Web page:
Republican Party Establishment Offers Compromise to Rules Proposal Stripping State Parties’ Authority to Choose Convention Delegates

For immediate release

Republican Party Establishment Offers Compromise to Rules Proposal Stripping State Parties’ Authority to Choose Convention Delegates

Minnesota Delegation Chair Marianne Stebbins calls compromise proposal a “Heads we win, tails you lose” offer to grassroots activists.

(Tampa) – In response to compromise position offered late Monday, August 27, in which the Romney campaign and GOP leaders ostensibly backed down from proposed rule changes effectively eliminating a state’s authority to select delegates to national Republican conventions, Minnesota Delegation Chair Marianne Stebbins noted that what is being played as a compromise is simply more slight-of-hand politics that betrays republican principles.

The proposed rule change pushed in the pre-convention Rules Committee meeting, August 24, by Romney campaign counsel Ben Ginsberg would grant the Republican National Committee — and Mitt Romney — sweeping new powers to amend the governing document of the GOP and allocate and bind state party delegates to presidential candidates based on state straw polls and give presidential campaigns final approval of delegate selections.

Under the compromise proposal, which will be voted on by the full GOP Convention on Tuesday, August 28, delegates who are bound by state law to a presidential candidate that hasn’t bowed out of the race or released his/her delegates must honor that commitment. Any vote for another candidate would be voided and the delegate would lose his or her delegate status.

“The compromise proposed by the RNC and Romney campaigns is a heads “Heads we win, tails you lose” offer to grassroots activists,” said Stebbins.

“The establishment/Romney campaign has offered a minimal compromise to the supporters of the Rules Committee Minority Report that leaves in place most of the objectionable power grabs of proposed new rules including the ability for the RNC to change the rules without convention approval (Rule 12). Meanwhile, support for the full Minority Report continues to grow as grassroots activists from across the nation – Ron Paul and non-Paul delegates — flood email inboxes with protests,” said Stebbins . “With Rule 12 in effect, there is nothing stopping the RNC from changing party rules after the convention and away from public scrutiny and effectively rescinding its publicly offered compromise or creating new rules that further reduces the grassroots effectiveness of the party,” said Stebbins.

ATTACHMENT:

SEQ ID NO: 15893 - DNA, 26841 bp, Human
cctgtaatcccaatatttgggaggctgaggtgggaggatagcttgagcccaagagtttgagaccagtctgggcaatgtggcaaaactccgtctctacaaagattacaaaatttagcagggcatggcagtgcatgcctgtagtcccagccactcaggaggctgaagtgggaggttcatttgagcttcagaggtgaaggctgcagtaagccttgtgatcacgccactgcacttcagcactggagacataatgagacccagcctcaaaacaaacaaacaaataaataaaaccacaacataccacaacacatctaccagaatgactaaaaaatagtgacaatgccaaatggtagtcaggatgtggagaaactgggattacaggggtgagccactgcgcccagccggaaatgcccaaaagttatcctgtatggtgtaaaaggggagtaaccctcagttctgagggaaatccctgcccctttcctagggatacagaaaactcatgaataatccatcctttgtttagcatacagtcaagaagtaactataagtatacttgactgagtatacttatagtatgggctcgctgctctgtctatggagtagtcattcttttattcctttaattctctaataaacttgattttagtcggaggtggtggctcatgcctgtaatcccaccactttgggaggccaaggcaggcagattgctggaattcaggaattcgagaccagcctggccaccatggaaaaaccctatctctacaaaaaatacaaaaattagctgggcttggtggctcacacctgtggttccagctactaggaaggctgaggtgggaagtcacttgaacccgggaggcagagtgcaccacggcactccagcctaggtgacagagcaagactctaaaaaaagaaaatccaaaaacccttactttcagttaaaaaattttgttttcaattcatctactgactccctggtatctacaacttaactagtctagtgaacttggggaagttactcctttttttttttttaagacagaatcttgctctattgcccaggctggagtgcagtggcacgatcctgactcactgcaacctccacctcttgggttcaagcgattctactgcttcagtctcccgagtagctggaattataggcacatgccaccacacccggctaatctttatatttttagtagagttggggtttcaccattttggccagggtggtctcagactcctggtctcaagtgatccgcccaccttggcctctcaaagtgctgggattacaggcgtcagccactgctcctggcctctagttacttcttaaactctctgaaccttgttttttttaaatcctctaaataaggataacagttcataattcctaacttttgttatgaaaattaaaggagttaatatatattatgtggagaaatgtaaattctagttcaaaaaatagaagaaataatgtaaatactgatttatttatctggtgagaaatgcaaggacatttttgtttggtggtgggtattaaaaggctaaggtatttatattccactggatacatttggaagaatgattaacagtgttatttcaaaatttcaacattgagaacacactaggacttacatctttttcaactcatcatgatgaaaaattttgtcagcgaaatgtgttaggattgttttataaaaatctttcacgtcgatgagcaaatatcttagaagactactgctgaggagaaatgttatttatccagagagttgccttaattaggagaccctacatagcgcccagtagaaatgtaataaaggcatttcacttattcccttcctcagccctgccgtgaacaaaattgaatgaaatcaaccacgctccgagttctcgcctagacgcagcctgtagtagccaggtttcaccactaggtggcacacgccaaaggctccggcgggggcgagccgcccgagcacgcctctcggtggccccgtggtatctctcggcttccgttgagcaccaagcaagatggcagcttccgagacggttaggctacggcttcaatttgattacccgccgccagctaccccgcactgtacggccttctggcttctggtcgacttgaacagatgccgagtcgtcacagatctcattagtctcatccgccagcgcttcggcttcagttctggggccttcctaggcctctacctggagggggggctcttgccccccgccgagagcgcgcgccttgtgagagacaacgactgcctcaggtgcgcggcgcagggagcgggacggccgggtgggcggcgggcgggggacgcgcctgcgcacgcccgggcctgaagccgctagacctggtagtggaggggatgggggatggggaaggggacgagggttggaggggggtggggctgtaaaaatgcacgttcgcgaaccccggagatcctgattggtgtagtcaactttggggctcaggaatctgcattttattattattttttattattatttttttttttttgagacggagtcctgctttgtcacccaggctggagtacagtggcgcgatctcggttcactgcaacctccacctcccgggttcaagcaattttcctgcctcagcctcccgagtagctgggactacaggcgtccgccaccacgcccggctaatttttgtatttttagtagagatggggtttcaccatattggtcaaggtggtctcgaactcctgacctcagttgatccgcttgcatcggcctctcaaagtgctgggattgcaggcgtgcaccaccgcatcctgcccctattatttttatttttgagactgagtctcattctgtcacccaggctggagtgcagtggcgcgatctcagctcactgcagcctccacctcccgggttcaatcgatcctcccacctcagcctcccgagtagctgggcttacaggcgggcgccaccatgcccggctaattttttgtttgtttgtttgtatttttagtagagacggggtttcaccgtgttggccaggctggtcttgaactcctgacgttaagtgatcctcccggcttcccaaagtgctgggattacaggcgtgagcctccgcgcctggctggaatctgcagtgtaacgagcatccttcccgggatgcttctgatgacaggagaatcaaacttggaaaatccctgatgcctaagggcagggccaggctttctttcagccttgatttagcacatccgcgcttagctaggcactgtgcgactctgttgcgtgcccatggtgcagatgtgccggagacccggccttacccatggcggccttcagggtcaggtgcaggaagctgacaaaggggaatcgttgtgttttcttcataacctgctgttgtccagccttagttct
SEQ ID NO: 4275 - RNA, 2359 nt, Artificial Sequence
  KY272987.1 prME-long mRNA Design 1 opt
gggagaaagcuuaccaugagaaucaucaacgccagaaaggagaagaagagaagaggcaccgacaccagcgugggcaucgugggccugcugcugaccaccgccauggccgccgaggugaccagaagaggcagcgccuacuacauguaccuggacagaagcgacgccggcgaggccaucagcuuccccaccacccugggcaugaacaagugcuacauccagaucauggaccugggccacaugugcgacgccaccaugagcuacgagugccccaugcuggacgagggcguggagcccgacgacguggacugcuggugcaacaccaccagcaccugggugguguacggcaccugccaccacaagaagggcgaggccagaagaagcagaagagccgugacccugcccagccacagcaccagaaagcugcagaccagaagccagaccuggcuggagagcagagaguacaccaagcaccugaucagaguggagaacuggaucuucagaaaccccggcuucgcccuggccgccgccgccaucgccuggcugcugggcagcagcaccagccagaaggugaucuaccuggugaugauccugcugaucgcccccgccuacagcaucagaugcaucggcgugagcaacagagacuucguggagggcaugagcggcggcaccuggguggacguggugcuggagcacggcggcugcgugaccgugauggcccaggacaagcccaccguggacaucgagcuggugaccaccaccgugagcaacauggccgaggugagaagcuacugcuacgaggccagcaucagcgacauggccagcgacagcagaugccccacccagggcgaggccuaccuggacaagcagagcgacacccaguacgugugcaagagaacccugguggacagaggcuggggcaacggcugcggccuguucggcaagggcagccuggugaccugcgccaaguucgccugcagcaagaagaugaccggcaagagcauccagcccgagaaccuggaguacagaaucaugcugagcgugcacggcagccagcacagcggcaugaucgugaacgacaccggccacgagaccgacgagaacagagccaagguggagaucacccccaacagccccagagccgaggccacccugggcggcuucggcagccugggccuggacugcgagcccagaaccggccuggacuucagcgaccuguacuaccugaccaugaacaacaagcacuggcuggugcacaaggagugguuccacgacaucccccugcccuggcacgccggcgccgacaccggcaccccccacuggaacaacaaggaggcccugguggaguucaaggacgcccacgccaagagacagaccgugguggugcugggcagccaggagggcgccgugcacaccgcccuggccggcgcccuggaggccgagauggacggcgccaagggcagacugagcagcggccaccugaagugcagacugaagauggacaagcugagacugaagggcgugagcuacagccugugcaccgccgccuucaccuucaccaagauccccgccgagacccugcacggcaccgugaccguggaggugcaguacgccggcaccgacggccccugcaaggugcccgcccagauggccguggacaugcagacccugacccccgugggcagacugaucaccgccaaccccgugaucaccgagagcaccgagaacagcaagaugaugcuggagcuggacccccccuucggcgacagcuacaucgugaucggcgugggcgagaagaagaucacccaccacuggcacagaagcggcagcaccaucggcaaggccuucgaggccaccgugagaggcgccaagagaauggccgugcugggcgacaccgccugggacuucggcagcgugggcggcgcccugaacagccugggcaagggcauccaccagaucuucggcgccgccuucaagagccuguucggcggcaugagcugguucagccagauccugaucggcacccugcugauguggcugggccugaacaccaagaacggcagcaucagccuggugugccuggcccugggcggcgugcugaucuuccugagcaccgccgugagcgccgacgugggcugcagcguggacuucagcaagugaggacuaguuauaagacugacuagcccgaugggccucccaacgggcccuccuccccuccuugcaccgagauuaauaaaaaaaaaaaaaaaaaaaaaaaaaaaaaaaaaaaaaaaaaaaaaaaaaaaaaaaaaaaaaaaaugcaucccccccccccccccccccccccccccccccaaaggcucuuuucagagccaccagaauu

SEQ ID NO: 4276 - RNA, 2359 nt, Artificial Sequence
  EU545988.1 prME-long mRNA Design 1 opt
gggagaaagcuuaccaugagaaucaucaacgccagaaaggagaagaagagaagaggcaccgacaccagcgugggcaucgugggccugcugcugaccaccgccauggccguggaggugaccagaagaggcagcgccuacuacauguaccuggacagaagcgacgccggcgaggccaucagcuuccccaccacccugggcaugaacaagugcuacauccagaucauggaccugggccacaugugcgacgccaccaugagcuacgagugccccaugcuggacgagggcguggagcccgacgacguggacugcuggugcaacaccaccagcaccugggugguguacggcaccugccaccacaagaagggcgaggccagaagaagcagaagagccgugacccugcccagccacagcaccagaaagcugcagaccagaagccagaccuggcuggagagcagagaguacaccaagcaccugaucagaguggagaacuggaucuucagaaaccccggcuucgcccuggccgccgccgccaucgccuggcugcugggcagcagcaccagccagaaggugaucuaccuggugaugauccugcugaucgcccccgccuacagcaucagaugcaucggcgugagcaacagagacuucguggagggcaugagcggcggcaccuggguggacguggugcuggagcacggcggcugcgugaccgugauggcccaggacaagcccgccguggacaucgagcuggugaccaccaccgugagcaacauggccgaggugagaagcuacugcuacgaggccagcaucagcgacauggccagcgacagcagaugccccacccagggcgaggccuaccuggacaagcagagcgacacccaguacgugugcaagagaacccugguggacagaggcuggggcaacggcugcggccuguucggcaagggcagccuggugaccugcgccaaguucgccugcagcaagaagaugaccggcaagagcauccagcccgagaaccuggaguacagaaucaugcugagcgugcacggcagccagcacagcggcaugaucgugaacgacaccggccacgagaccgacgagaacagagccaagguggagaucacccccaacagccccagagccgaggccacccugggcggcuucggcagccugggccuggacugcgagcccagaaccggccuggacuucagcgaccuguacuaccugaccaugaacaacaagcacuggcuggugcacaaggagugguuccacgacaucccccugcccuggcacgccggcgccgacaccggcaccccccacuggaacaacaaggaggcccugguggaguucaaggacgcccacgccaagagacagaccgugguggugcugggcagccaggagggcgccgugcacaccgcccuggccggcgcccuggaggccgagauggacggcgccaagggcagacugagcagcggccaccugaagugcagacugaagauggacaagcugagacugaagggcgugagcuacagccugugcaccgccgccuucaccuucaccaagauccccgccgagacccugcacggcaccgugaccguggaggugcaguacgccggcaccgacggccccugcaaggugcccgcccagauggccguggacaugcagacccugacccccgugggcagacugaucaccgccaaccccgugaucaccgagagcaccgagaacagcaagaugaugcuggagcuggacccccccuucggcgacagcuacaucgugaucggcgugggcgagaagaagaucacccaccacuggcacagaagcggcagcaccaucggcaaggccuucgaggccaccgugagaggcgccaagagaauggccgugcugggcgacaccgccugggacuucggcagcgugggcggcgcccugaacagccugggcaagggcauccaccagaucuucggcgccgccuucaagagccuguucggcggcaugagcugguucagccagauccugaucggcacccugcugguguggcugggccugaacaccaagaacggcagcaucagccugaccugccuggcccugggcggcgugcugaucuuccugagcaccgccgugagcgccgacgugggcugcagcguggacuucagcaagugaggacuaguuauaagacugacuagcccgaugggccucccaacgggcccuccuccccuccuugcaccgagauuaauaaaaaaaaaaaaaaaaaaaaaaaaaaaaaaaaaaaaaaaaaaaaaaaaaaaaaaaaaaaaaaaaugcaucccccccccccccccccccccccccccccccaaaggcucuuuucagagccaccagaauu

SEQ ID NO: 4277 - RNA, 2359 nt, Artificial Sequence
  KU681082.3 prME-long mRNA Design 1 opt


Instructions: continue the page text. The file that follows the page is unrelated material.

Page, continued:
Rule 12 requires a 75 percent vote of the RNC to make changes to party rules without a vote by delegates to a national convention. While 75 percent might seem like a high threshold, because the national party controls state funding, a little arm-twisting is all it takes for the national party to influence state RNC members.

“In the past the power of the purse has proven a powerful tool praty chairmen,” Stebbins added. “In the past, what party chaimen have wanted, party chairmen have gotten irrespective of the opinion of the grassroots.”

“I fail to see the difference between the rules proposed by the party establishment and the process they imply and the criticisms we make of the Democrats and President Obama buying votes by doling out federal benefits,” said Stebbins. “Clearly the party establishment and the Romney campaign’s attempt to strip state Republican parties of their authority to select delegates to national conventions is a violation of republican principles.”

Stebbins noted that minority reports coming out of the Rules Committee will also be presented to convention delegates on Tuesday that address the proposed new process for amending GOP convention rules (Rule 12).

“More states, not just states with a plurality or majority of Ron Paul delegates are seeing this move as the power grab by national party leadership and the Romney campaign that it is,” said Stebbins. “Many if not all members of the Minnesota delegation will reject the new rule and be voting in favor of minority reports that repeal the proposed rules.”

“If we are going to be the party that in the general election that seriously proposes reducing the size and scope of the federal government, then we ought to be running our party consistent with the same principles,” added Stebbins. “Rejecting consolidation of power in our own party makes the GOP a stronger party in the general election.”

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